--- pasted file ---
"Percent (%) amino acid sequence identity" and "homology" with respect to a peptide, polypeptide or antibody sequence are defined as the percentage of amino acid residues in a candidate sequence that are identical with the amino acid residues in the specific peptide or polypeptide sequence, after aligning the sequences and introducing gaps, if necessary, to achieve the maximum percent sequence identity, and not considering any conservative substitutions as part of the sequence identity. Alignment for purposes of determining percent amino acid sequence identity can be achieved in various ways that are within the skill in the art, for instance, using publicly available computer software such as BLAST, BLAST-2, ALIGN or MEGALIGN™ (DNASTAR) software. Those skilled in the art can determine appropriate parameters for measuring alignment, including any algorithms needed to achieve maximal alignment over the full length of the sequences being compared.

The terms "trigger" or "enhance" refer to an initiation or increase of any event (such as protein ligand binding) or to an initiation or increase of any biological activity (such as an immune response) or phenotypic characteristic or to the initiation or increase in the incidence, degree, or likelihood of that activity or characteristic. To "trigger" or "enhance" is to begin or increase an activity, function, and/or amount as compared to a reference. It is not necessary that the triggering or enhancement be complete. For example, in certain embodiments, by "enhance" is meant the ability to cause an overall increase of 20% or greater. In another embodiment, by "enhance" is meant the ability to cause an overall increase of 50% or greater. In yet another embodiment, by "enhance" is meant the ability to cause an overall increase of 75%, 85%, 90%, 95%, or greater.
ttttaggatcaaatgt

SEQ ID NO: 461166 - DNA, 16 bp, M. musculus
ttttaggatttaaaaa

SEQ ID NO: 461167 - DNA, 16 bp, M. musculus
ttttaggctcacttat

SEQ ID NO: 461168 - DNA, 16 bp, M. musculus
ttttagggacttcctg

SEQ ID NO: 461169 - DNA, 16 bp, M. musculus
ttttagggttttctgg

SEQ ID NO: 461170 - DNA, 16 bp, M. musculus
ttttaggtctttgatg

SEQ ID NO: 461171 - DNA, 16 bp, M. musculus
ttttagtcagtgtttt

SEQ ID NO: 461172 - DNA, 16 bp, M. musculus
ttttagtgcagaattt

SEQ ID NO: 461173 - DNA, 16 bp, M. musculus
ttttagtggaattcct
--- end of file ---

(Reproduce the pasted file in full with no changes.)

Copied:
"Percent (%) amino acid sequence identity" and "homology" with respect to a peptide, polypeptide or antibody sequence are defined as the percentage of amino acid residues in a candidate sequence that are identical with the amino acid residues in the specific peptide or polypeptide sequence, after aligning the sequences and introducing gaps, if necessary, to achieve the maximum percent sequence identity, and not considering any conservative substitutions as part of the sequence identity. Alignment for purposes of determining percent amino acid sequence identity can be achieved in various ways that are within the skill in the art, for instance, using publicly available computer software such as BLAST, BLAST-2, ALIGN or MEGALIGN™ (DNASTAR) software. Those skilled in the art can determine appropriate parameters for measuring alignment, including any algorithms needed to achieve maximal alignment over the full length of the sequences being compared.

The terms "trigger" or "enhance" refer to an initiation or increase of any event (such as protein ligand binding) or to an initiation or increase of any biological activity (such as an immune response) or phenotypic characteristic or to the initiation or increase in the incidence, degree, or likelihood of that activity or characteristic. To "trigger" or "enhance" is to begin or increase an activity, function, and/or amount as compared to a reference. It is not necessary that the triggering or enhancement be complete. For example, in certain embodiments, by "enhance" is meant the ability to cause an overall increase of 20% or greater. In another embodiment, by "enhance" is meant the ability to cause an overall increase of 50% or greater. In yet another embodiment, by "enhance" is meant the ability to cause an overall increase of 75%, 85%, 90%, 95%, or greater.
ttttaggatcaaatgt

SEQ ID NO: 461166 - DNA, 16 bp, M. musculus
ttttaggatttaaaaa

SEQ ID NO: 461167 - DNA, 16 bp, M. musculus
ttttaggctcacttat

SEQ ID NO: 461168 - DNA, 16 bp, M. musculus
ttttagggacttcctg

SEQ ID NO: 461169 - DNA, 16 bp, M. musculus
ttttagggttttctgg

SEQ ID NO: 461170 - DNA, 16 bp, M. musculus
ttttaggtctttgatg

SEQ ID NO: 461171 - DNA, 16 bp, M. musculus
ttttagtcagtgtttt

SEQ ID NO: 461172 - DNA, 16 bp, M. musculus
ttttagtgcagaattt

SEQ ID NO: 461173 - DNA, 16 bp, M. musculus
ttttagtggaattcct